These past few months have been a very trying time worldwide, with each country being affected in a different way than the others, either directly with many cases of the virus, or indirectly from lockdowns, curfews, collapsed health and/or economic systems, etc.
It is interesting to see how each country handles the situation, depending upon their social and political structure, and how that affects the general population.
Here in Ecuador, the socialistic government has taken a lot of the normal everyday privileges away from the people by invoking a state of emergency that so far has gone for over 5 months now, with instated curfews, travel restrictions and mandatory lock-ins.
For the last two months the government has gradually been allowing more freedoms, such as allowing most of the population to return to their jobs, although under restricted time frames, less curfew time, allowing local public transportation to run again, and more days a week in which we are allowed to leave our homes to go to the stores, as well as the local authorities having some control on deciding what set of restrictions apply to their zones, depending on the number of virus cases, how quickly it is propagating, etc…
Many restrictions are still in place, including an eight-hour curfew, restrictions on only leaving your homes for work or to buy food, and certain days of the week in which you can drive your vehicle, as well as mandatory distancing and the wearing of facemasks.
Our country, which was already struggling politically and economically before the crisis, has gone into a downward spiral from which we have yet to stop falling. Although economically things are a little better, now that over 50% of the population can once again resume their work duties, after almost three months where the only work allowed was for essential workers and those that could work from home, there are still many who have not been able to go back to work, many small businesses that have gone under, and many families that are still struggling to make ends meet on a day to day basis.
Many of the families that we have reached out too have told us how the food kits are an answer to prayer, how they have had no food to eat, or have only been eating one meal a day.
We are so grateful to be able to assist them and speak some hope in their lives, partnering with international donors, and local churches and food kitchens, who assist us in handing out food kits to these families. God has been so good, and in the last three months we have handed out almost 1,000 food kits!!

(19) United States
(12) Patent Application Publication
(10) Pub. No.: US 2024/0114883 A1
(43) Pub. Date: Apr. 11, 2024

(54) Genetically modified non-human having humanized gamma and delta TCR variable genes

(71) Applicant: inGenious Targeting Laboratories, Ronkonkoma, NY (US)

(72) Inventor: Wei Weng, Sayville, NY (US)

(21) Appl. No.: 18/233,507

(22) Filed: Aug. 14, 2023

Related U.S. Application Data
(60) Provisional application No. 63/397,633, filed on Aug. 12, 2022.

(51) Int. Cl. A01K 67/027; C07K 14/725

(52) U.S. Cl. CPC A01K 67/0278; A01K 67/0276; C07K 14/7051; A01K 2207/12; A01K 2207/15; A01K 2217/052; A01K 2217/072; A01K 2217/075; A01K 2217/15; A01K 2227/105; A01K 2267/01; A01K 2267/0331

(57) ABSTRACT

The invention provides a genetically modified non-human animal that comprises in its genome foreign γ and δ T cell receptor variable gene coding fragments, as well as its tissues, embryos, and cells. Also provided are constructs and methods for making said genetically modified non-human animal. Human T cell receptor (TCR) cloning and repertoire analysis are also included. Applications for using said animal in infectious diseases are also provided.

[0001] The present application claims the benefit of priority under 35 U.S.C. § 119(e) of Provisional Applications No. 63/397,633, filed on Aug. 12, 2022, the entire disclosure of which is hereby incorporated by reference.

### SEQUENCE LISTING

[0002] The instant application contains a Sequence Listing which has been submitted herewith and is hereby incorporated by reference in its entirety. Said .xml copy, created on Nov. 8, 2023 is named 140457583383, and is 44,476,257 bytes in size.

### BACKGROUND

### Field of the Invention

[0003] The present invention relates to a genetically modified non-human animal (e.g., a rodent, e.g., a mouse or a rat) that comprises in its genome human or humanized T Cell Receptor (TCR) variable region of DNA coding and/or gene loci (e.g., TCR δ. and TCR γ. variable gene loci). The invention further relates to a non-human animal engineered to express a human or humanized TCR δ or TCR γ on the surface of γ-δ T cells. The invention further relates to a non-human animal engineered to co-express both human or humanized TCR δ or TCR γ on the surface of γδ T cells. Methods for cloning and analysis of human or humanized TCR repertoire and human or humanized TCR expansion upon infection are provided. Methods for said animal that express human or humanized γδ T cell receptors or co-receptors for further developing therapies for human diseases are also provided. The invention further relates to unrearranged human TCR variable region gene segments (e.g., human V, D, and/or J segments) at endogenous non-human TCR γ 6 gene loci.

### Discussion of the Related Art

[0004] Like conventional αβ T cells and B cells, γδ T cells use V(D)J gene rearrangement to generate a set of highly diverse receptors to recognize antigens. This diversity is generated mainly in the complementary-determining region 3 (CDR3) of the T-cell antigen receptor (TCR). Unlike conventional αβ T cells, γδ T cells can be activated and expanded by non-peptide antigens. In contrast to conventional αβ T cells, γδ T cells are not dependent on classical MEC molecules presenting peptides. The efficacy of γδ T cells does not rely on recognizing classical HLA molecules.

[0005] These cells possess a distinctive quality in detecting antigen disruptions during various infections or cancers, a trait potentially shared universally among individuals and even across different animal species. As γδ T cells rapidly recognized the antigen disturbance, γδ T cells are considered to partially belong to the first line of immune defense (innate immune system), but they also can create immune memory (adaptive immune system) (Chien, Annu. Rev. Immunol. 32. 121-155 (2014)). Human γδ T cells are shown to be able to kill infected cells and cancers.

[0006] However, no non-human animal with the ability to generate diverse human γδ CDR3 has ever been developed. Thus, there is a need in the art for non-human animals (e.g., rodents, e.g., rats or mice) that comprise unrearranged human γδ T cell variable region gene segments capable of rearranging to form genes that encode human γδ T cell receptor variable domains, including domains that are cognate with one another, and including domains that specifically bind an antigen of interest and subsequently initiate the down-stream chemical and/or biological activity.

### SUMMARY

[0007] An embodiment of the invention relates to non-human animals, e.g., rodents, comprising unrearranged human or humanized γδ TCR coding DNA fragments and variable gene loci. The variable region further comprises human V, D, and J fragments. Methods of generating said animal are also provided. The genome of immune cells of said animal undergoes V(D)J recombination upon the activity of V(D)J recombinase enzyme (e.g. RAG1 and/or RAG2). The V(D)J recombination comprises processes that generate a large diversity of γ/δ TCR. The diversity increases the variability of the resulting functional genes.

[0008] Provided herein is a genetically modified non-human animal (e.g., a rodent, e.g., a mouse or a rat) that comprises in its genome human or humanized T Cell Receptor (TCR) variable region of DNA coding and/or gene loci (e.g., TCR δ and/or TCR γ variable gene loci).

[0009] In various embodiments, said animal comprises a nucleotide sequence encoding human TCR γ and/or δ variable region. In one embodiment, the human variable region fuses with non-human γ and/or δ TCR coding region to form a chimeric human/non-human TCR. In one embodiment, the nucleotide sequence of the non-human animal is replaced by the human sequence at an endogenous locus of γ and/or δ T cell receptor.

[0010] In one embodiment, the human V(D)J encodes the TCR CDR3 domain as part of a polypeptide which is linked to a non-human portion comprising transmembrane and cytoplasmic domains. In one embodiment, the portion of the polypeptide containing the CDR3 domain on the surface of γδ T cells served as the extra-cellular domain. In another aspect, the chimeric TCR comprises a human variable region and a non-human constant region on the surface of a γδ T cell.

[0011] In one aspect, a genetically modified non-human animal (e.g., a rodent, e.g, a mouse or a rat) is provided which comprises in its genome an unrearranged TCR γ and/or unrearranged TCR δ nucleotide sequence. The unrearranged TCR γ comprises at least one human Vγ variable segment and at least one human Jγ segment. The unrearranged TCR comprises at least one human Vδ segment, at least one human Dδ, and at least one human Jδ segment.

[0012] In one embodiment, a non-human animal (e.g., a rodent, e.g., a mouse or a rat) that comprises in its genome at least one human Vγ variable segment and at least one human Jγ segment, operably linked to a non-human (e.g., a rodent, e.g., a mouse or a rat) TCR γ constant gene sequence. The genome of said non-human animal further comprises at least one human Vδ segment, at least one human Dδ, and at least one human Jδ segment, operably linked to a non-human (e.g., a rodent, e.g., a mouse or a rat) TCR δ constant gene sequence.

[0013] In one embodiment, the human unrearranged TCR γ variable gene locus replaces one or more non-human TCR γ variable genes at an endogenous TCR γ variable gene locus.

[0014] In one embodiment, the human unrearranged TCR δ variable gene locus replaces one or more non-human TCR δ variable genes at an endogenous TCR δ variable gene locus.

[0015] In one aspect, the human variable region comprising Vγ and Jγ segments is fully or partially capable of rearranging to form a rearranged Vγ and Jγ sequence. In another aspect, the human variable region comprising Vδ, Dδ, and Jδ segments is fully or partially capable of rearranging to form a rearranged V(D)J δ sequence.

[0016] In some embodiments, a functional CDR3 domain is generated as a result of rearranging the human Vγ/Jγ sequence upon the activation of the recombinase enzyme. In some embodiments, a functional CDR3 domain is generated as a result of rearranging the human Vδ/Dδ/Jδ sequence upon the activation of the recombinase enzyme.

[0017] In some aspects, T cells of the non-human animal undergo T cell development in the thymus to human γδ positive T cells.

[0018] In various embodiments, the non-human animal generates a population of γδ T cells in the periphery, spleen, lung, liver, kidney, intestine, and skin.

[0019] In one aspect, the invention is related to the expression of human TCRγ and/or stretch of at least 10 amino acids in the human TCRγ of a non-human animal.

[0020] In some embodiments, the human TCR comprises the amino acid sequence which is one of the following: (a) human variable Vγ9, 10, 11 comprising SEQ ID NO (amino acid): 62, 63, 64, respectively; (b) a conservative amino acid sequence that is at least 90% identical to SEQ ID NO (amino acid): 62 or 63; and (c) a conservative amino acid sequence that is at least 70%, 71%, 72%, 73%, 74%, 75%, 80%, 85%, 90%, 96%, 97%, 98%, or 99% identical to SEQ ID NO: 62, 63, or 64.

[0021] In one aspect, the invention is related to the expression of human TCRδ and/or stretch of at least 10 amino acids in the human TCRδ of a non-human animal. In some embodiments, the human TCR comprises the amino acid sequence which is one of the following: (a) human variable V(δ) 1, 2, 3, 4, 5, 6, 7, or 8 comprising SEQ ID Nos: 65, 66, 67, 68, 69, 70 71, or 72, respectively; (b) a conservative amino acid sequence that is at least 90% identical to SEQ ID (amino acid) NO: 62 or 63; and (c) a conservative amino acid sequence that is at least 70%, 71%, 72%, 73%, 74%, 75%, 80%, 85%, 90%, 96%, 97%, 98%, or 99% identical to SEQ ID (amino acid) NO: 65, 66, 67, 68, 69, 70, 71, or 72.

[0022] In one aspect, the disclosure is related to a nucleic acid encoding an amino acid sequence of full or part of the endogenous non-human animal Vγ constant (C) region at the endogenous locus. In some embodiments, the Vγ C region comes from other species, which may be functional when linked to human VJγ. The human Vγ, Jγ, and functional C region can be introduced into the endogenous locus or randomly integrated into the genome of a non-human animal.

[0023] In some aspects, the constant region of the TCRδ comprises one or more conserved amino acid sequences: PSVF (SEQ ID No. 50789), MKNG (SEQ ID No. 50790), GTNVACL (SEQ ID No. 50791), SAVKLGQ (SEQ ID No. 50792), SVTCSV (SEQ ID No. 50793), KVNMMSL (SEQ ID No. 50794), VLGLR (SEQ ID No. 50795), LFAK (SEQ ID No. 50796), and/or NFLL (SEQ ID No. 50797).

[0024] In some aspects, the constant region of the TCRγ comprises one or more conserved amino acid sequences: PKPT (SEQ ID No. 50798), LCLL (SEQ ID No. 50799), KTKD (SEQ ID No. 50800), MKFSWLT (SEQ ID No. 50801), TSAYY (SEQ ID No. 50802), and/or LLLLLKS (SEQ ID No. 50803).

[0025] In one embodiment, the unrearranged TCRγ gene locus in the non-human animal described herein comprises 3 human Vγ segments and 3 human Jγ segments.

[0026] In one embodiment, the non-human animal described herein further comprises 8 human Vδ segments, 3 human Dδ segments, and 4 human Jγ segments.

We have handed out the food kits in 8 different cities/areas, both from our local ministry and through partnering churches and a community center/food kitchen in the hardest impacted areas. Many of these families were eating one meal of plain rice a day, and it was such a blessing to see first hand and hear from our ministry partners how this blessing greatly impacted their lives! Many of these families have been shut in at home and not able to go out to work for the past 5 months per government orders, were single mothers with no source of income, and a number of them have lost family members to the virus. Even those that have recovered from the virus are not allowed to go back to work for at least a month after they have recovered.
We are also working alongside a community kitchen in a very hard-hit city on the coast, which is serving 60 hot lunches a day to the homeless and single mothers, and many more people are coming asking for food and assistance.
We are so thankful to God and to each person that has come alongside and partnered with us in handing out these food kits!
Each food kit costs about $15, and although what is inside varies by location, it contains enough food for about a week. It is so amazing to see the hope and joy in their faces as they receive the food, and to hear their stories and heartfelt thanks! I wish that each one of you would be able to hear and see first hand the difference that it is making their lives!
Mark, Cinthia, Daniel and Esteban Blosser
Serving in Ecuador